How do you define “home”? To me, it is going back to my childhood home in Bicol, where I get to see my mom everyday, and feel a little less like an adult. It’s also the rare moments when my sister is not on-call at the hospital, when we just watch random Youtube videos while lying in bed. I lived away from my parents in high school, in a dorm room that I shared with three other people. In college, I lived even farther away when I decided to study in Manila. Home was never about one place. It has always been more of a feeling. The same goes for Krysten Boado, a 22-year old hitchhiker who has been travelling across Asia for the past year.
I met Krysten when she interviewed me for her undergraduate thesis on mental health. I volunteered to be a part of her study when our mutual friend posted for an open call on Facebook. I never saw her again after that one afternoon. Fast forward to a year later, and I see her posting photos of her travels abroad. I think, Wow, she must really be rich to be able to afford all that.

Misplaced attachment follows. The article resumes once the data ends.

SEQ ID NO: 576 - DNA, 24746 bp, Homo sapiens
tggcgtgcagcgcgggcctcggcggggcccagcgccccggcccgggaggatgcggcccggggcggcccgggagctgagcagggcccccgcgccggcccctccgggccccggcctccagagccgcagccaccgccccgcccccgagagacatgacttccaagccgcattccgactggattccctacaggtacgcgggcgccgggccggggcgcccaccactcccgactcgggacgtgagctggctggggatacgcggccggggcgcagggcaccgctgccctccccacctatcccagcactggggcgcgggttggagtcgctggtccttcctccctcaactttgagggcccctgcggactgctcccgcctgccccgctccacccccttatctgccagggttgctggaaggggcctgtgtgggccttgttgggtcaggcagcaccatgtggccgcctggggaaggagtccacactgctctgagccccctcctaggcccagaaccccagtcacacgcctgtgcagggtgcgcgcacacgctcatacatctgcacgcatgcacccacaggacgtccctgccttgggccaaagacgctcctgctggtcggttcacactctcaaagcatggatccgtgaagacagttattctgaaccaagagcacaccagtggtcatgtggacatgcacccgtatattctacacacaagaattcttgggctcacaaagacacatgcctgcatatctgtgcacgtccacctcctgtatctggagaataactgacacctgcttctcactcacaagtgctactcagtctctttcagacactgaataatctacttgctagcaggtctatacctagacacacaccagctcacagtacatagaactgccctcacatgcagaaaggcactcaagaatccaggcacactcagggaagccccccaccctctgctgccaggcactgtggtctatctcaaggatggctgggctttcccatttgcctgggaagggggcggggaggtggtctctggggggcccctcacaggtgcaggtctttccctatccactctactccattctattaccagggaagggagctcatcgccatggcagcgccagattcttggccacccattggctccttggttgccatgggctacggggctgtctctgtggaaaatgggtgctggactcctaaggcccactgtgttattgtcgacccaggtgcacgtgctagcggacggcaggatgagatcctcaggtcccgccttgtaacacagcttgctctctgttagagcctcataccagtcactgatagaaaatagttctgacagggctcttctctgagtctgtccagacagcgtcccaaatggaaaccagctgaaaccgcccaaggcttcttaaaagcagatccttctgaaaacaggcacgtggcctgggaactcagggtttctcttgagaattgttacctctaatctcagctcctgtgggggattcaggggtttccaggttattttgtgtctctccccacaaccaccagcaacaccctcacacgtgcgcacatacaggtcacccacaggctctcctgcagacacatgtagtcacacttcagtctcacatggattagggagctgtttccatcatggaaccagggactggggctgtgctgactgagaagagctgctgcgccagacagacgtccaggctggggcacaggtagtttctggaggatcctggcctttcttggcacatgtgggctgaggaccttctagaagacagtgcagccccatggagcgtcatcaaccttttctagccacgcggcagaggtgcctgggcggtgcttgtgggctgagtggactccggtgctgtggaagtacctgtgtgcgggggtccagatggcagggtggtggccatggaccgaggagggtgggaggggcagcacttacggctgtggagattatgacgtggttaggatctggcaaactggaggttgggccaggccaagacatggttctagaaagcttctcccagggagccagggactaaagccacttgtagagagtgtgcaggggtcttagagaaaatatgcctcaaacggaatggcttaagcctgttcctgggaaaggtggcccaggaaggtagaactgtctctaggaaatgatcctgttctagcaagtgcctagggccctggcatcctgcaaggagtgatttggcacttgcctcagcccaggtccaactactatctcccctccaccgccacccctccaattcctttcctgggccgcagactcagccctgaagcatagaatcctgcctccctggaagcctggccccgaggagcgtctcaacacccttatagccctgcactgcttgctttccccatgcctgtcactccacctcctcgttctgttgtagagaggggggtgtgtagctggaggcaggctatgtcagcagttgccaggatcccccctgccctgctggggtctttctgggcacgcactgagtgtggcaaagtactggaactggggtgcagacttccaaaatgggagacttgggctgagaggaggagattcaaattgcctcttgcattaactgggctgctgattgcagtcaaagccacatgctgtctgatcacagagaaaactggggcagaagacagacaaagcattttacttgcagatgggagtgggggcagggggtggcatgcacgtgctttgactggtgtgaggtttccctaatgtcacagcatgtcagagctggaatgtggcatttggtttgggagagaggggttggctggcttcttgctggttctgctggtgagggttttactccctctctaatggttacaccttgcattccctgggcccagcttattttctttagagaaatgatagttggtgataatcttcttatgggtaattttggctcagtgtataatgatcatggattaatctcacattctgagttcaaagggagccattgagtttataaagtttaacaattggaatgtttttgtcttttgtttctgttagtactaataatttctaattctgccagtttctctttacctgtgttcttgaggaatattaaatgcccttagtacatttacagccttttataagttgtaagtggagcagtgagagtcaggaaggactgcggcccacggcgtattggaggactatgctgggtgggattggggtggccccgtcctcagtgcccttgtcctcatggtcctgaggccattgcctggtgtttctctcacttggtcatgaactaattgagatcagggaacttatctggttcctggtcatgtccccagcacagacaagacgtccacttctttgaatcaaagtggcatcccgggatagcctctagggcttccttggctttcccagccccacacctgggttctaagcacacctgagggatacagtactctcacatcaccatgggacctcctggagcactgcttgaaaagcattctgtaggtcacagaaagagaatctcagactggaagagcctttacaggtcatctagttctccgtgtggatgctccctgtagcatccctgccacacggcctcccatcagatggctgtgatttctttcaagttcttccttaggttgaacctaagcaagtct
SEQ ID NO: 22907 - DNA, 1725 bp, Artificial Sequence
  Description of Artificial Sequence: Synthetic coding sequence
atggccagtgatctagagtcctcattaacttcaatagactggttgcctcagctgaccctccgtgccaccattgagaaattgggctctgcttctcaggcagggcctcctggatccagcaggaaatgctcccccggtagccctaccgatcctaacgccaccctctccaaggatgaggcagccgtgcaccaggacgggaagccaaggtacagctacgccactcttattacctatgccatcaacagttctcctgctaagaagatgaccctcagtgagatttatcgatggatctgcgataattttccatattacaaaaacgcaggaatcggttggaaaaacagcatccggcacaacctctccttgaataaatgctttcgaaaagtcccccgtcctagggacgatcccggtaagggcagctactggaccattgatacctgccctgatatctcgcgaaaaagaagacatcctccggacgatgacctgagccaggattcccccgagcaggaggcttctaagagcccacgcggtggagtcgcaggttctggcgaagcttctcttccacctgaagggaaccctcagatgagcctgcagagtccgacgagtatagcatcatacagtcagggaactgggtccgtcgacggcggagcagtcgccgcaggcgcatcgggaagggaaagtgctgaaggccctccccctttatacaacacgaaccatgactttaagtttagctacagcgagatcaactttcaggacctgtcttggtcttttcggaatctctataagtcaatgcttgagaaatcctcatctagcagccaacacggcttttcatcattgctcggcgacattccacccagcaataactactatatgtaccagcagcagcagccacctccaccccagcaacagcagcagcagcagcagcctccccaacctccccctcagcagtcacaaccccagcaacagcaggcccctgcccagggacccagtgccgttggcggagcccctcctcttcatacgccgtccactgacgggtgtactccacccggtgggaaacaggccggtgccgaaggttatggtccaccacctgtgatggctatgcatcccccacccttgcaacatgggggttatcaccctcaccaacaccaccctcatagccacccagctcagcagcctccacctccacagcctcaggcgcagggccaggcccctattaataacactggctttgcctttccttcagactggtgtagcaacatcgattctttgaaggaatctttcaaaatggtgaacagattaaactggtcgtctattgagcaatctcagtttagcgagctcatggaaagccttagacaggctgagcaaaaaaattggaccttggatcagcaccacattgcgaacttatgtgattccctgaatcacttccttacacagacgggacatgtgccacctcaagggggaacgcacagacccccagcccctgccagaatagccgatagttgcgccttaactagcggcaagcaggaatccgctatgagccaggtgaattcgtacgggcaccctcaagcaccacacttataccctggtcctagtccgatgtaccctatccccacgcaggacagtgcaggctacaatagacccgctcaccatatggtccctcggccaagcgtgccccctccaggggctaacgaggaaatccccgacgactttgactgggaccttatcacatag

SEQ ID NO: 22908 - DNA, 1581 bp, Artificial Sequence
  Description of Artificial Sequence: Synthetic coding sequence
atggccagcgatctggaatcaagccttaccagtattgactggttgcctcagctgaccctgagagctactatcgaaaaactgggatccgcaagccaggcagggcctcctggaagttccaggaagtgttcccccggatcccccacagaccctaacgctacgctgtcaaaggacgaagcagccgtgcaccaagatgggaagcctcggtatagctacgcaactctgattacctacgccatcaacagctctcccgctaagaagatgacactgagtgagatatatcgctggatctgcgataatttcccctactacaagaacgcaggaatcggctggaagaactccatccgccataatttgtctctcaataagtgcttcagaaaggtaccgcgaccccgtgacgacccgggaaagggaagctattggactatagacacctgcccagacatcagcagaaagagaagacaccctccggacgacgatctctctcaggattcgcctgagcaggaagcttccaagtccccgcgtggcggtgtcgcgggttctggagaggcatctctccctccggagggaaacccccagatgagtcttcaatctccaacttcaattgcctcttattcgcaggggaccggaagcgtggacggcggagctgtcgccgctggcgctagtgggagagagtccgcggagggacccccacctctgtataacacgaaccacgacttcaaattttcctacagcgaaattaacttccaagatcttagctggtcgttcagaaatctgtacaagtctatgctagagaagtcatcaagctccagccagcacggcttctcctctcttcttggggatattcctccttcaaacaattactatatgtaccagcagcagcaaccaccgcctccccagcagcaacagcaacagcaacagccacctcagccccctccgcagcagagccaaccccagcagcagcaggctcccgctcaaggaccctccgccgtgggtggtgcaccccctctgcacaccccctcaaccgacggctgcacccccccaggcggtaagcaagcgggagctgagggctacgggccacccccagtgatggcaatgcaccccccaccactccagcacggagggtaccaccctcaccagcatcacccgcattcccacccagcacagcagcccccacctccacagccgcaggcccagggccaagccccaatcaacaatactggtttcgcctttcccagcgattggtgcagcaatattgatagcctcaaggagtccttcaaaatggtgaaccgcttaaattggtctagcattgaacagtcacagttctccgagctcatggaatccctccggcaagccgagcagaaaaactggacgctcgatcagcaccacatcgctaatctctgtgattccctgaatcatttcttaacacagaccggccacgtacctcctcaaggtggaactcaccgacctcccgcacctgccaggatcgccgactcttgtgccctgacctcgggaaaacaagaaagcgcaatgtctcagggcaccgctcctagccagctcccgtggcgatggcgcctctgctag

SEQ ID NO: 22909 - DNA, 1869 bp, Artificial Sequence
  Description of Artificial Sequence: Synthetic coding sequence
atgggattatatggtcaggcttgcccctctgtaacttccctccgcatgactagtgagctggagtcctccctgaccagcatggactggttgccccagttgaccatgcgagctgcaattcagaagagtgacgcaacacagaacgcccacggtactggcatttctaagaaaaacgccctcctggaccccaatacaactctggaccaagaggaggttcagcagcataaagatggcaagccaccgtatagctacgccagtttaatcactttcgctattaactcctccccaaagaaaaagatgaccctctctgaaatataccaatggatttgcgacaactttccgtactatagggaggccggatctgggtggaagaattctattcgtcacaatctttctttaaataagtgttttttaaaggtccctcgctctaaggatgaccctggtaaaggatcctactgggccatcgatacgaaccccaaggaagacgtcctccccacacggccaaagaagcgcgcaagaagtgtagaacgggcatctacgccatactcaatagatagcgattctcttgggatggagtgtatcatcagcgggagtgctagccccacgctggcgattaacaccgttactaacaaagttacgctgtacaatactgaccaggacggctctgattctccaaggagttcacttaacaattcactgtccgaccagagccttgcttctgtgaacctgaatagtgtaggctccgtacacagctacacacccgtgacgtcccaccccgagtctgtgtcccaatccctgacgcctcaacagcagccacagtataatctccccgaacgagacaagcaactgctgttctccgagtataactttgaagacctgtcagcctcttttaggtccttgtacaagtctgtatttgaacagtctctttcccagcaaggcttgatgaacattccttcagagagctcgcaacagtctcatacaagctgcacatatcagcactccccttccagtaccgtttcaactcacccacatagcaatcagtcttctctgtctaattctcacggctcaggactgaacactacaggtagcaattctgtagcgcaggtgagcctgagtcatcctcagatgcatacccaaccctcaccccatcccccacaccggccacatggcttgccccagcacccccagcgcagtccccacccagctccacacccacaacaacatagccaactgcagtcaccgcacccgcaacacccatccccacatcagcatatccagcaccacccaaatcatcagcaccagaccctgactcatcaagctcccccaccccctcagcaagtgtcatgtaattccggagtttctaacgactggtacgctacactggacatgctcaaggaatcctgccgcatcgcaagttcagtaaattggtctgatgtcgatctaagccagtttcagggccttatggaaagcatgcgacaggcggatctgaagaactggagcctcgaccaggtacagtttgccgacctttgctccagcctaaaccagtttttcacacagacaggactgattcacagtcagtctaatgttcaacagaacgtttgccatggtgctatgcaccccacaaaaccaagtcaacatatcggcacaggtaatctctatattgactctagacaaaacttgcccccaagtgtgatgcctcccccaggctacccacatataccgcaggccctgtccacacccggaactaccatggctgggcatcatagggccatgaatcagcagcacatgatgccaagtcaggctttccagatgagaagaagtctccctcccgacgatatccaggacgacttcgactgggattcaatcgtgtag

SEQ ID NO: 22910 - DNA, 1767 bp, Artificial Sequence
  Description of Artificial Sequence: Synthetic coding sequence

A few weeks later, she shares a story of her hitchhiking adventures, of how she’s travelling almost for free. She shares photos from far-flung places that aren’t usually featured in travel guides. She tells the stories of the people that she meets along the way, of her struggles with borders, and of how her travels have shaped her to who she is today.
In an online interview, we ask Krysten about her life as a hitchhiker — her struggles, her favorite moments, and what keeps her going everyday.
Editor’s note: This interview had been edited for clarity.